We don't have the same guy driving the same rigs all of the time, so everyone gets their regular time behind the wheel. Training nights are spent with the folks working towards being a pump operator getting lots of time behind the wheel without any added stresses. We'll even do the musical chairs game where the trainee jumps out of the driver's seat and the engineer comes out of the back seat behind him to go "hot" on runs. (Obviously, when the time comes we let them go lights and sirens with an appropriate person with them in the right front seat. It just doesn't happen overnight.) There's lots of opportunities for the folks learning to pump to do so without putting people at risk on a bona fide scene.

    If anything, I hear the folks here gripe that we spend too much time on driving/pumping/hose testing/EMS/ etc. instead of live fire stuff. Next month when we spend a ton of time on RIT, they'll complain that we don't drive enough.
    "Share your knowledge - it's a way to achieve immortality." - Stolen from Chase Sargent's Buddy to Boss program

  3. #28
    Forum Member

    Join Date
    Apr 2006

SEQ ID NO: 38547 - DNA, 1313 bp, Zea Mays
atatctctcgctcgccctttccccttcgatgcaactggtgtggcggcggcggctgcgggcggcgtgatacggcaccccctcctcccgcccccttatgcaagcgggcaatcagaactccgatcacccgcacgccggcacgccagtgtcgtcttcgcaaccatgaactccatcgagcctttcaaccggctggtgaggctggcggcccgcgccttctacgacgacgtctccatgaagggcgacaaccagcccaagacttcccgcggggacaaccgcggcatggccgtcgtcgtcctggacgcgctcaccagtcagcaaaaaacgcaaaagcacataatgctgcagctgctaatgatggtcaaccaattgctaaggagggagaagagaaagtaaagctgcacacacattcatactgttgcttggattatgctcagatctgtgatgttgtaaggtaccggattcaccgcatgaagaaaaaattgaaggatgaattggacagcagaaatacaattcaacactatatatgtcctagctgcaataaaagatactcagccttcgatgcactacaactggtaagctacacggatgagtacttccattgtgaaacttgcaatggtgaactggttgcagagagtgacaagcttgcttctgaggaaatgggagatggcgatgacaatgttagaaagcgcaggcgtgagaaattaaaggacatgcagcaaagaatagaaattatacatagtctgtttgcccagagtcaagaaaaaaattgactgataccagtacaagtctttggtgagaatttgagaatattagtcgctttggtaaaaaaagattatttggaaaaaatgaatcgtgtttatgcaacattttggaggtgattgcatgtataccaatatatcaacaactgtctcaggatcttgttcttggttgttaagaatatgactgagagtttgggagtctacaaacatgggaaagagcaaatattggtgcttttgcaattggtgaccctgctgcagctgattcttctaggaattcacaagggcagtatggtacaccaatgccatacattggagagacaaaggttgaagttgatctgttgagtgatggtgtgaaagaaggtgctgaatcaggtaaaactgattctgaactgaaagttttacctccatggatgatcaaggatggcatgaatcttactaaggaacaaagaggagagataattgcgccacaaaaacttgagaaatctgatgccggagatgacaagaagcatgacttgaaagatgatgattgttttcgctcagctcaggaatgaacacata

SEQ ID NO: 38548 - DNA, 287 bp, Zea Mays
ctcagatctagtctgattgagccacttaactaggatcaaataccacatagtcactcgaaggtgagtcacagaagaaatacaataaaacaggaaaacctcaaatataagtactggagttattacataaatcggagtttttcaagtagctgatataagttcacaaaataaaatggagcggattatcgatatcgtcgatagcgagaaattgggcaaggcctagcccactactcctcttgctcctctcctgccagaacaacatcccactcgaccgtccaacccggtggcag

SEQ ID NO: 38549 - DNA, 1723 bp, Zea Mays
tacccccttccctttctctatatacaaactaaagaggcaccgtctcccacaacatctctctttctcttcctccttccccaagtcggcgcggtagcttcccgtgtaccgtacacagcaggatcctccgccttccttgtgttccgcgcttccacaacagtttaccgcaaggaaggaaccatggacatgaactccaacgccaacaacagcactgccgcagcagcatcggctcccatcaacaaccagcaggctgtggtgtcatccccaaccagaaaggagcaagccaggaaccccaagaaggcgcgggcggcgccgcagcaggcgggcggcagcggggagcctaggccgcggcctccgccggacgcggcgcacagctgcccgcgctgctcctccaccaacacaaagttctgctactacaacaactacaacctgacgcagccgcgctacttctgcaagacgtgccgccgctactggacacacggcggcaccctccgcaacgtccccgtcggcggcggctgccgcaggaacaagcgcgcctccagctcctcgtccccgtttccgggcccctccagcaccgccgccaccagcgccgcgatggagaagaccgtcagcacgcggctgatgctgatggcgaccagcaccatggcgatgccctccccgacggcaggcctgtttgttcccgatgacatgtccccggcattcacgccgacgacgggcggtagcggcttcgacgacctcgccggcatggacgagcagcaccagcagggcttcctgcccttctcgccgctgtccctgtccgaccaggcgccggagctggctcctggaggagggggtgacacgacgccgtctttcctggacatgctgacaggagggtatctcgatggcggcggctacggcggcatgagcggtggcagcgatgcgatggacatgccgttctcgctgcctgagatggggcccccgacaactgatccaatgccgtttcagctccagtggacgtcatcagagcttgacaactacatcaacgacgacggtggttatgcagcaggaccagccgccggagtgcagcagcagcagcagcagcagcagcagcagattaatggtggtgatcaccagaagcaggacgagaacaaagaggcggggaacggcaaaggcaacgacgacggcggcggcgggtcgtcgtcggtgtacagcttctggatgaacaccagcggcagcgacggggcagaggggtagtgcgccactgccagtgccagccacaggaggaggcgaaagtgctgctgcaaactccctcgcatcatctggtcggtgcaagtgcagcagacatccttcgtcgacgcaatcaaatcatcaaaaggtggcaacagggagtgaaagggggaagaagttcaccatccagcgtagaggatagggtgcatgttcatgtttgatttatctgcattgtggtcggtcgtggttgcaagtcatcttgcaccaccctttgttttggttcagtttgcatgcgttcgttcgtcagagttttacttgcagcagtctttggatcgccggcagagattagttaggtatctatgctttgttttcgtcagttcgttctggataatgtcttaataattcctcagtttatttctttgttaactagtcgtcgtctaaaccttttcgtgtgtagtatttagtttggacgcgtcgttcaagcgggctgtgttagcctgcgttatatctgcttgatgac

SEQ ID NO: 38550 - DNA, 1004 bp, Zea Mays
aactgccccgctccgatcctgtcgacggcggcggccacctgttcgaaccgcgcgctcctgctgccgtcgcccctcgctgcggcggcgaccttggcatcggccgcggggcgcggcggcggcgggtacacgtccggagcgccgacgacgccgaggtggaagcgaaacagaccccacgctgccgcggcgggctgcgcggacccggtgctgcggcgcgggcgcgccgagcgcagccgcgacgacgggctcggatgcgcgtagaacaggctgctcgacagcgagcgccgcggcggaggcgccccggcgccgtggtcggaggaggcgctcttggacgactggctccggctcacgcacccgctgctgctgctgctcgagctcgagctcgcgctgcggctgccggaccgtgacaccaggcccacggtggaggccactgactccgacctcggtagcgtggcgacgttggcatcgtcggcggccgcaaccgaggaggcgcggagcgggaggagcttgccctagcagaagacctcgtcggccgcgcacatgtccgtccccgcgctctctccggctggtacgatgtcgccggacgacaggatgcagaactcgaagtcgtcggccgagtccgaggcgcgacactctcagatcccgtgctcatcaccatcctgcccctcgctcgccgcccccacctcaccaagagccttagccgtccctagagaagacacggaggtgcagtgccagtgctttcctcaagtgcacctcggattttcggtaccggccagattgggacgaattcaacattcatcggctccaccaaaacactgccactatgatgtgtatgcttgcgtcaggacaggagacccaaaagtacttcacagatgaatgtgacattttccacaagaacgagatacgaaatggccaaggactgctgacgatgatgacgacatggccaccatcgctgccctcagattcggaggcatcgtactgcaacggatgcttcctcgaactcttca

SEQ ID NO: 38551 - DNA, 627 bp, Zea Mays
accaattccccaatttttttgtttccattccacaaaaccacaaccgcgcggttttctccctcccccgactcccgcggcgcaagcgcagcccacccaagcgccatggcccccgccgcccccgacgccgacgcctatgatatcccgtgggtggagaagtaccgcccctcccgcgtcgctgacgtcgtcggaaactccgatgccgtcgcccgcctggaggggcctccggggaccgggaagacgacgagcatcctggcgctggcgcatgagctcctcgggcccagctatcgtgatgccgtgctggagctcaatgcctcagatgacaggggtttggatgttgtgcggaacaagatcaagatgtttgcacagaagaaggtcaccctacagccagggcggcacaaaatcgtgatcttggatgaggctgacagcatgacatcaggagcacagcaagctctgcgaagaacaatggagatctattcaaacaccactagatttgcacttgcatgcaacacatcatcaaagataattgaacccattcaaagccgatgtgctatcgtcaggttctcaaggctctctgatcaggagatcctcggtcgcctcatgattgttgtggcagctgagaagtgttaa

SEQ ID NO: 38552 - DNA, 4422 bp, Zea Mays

Thumbs up Apparatus Rollover Accidents

    "COMMON SENSE" how much do we have. At what point do adrenalin and common sense collide and make for a very dangerous situation. Possibly as soon as the tones go off. What type of call is it, wires, barn, mva, rescue,etc. Why do we bust b_ _ ls for wires, auto alarm, property damage accident. All of these any many, many, more should be run under non-emergency conditions. Why do we bust b_ _ ls from the house in our POV'S. So we can catch the piece, or maybe drive the piece. As stated in an earlier post it does no one any good if you roll your POV, or a piece of apparatus. You not only destroy a piece of apparatus,possibly hurt or kill someone, or destroy your POV, but you have caused a distraction from the original call. You will now have other apparatus
    responding to your incident that could have or should have been on the first call. Everyones mind will be on you instead of concentrating on the original call.